FLAGLER COUNTY, Fla. – A major project to fix part of Flagler Beach’s dunes is being pushed back yet again. The Army Corps of Engineers was slated to start nourishing parts of the dunes this summer that have been demolished in recent hurricanes but now it won’t start anytime soon.
The project will help nourish about 2.6 miles of dunes just south of the city’s pier.
[TRENDING: Another Buc-ee’s in Florida? This county may be next to offer Beaver Nuggets | Hearing continued for Orlando woman accused of killing boyfriend in zipped suitcase | Become a News 6 Insider]
It was supposed to start this June and be finished by the Fall in time for the next hurricane season, but county engineer Faith Alkhatib says the project may now start in April 2024.
“We need at least six months to update all of these engineering tasks to move on,” she said.
It was first approved in 2018 after Hurricane Matthew but she said two factors are pushing it back.
One is an ongoing battle with a property owner who wouldn’t let them work on their easements for the last two years. Alkhatib said they hope to have that resvolved through the courts this month.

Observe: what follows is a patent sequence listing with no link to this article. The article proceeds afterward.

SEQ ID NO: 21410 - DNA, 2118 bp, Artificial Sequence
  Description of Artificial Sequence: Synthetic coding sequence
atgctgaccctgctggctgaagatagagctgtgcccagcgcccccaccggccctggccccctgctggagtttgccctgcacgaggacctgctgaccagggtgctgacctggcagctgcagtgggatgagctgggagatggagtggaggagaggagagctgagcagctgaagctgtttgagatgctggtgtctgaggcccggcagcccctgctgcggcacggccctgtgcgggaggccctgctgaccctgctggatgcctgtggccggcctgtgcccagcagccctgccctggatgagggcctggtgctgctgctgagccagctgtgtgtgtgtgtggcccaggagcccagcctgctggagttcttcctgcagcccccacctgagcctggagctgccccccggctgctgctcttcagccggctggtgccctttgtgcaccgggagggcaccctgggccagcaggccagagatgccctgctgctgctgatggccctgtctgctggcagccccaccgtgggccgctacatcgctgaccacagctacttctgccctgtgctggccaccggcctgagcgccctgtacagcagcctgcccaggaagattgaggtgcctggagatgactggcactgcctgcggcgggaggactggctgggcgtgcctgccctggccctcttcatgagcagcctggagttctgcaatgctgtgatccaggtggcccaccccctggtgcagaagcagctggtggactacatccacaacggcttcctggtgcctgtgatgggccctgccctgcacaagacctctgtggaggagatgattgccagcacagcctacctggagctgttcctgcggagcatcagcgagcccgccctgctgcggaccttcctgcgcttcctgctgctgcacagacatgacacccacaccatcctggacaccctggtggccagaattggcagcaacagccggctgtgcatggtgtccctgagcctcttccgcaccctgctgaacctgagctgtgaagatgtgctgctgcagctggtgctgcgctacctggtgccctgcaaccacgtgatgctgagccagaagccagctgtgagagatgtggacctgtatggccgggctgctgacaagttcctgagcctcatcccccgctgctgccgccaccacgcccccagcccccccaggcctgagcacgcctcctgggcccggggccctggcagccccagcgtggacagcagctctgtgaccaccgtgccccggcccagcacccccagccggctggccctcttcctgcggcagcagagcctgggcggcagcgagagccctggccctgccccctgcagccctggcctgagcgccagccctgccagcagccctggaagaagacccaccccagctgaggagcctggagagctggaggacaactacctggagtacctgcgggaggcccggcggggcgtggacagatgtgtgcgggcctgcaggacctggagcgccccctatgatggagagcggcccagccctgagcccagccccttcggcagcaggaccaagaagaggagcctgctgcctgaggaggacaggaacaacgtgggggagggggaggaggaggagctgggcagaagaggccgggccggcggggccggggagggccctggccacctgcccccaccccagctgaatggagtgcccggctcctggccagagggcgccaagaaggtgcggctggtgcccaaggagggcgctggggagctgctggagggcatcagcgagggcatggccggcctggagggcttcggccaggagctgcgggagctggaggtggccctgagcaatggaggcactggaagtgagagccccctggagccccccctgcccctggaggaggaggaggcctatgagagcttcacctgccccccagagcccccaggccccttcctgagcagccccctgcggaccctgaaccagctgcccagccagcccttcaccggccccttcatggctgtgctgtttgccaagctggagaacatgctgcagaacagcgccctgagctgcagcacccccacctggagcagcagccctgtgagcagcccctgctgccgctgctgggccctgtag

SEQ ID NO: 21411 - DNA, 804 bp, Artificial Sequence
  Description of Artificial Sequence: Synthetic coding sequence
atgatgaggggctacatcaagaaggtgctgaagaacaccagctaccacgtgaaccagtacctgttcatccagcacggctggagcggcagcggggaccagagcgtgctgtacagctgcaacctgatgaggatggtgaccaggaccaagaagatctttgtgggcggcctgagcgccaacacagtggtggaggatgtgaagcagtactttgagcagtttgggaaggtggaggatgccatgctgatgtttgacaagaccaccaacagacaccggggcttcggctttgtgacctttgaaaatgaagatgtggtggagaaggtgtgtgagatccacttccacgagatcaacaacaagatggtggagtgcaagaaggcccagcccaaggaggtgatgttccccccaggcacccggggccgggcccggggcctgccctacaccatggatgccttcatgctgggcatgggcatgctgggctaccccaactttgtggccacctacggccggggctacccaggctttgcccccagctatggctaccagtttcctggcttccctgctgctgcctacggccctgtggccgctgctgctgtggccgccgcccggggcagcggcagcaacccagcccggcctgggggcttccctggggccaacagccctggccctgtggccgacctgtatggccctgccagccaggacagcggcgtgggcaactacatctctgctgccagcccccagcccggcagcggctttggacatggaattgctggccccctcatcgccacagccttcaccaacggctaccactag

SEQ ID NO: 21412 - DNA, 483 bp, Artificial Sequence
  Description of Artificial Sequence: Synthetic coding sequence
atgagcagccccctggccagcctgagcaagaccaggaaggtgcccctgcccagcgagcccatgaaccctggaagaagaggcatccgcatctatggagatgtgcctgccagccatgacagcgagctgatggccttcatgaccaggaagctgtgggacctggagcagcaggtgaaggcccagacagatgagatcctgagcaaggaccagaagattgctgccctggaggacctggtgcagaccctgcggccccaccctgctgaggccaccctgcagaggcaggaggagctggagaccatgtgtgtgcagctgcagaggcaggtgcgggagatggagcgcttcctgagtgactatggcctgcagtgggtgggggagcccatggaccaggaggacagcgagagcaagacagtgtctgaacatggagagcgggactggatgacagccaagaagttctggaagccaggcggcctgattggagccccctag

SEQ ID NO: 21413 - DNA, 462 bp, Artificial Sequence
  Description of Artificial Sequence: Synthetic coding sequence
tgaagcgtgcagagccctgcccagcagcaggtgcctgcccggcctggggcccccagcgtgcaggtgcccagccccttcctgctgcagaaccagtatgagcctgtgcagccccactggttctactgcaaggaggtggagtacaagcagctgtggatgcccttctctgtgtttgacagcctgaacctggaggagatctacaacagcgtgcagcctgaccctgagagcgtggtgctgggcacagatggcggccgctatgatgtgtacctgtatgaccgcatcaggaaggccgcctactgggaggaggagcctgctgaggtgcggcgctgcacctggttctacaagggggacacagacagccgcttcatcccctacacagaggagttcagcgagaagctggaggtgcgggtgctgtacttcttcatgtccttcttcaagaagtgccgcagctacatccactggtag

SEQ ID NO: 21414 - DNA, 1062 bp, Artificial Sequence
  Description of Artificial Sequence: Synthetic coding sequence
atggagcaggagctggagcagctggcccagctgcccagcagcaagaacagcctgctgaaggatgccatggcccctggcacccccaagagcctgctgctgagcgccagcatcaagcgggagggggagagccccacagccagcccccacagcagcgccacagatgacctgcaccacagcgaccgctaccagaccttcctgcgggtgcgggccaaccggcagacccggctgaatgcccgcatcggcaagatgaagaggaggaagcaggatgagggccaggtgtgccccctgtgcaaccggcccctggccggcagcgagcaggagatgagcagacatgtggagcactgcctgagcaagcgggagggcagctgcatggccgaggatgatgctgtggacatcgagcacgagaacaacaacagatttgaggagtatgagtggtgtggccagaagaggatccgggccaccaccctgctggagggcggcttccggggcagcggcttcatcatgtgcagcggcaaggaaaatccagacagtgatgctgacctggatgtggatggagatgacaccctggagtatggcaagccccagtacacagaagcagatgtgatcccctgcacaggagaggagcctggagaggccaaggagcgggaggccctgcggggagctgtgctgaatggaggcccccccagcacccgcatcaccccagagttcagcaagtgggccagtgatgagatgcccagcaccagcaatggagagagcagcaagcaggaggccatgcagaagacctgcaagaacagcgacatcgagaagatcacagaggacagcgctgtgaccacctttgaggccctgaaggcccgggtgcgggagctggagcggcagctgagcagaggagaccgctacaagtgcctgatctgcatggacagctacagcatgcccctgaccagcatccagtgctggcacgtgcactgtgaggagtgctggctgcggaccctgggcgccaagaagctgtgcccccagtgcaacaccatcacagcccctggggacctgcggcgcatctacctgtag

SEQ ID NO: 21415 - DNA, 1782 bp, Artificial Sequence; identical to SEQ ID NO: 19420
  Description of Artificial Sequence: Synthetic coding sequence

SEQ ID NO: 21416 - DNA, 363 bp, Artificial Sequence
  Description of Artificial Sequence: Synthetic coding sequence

The other is the recent hurricanes caused so much more erosion, it has to be redesigned for more sand and money.
“We’re getting our survey by the end of this month and at that time the quantities really will be identified,” she said.
Alkhatib said when first designed, they needed to bring in about 300,000 cubic yards of sand. Now, she estimates they need about 1.6 million.
She said in 2018 it was also projected to cost about $18 million just for the construction phase but she said it’s estimated to cost much more than that.
“It’s going to be between $35 and $45 million for just the construction phase,” she said.
After 2022′s hurricanes cut into the dunes and A1A, hearing this news is a bit nerve-wracking for some business owners along the road.
“We’ve been so lucky in the past but can’t always bank on it,” said TJ Congemi with The Anchor restaurant.
Congemi said he and his family fear another storm could push in even further if the dunes aren’t protected.
“I know it’s a fluid situation but here in Flagler, we just want to see something get done,” he said.
Get today’s headlines in minutes with Your Florida Daily: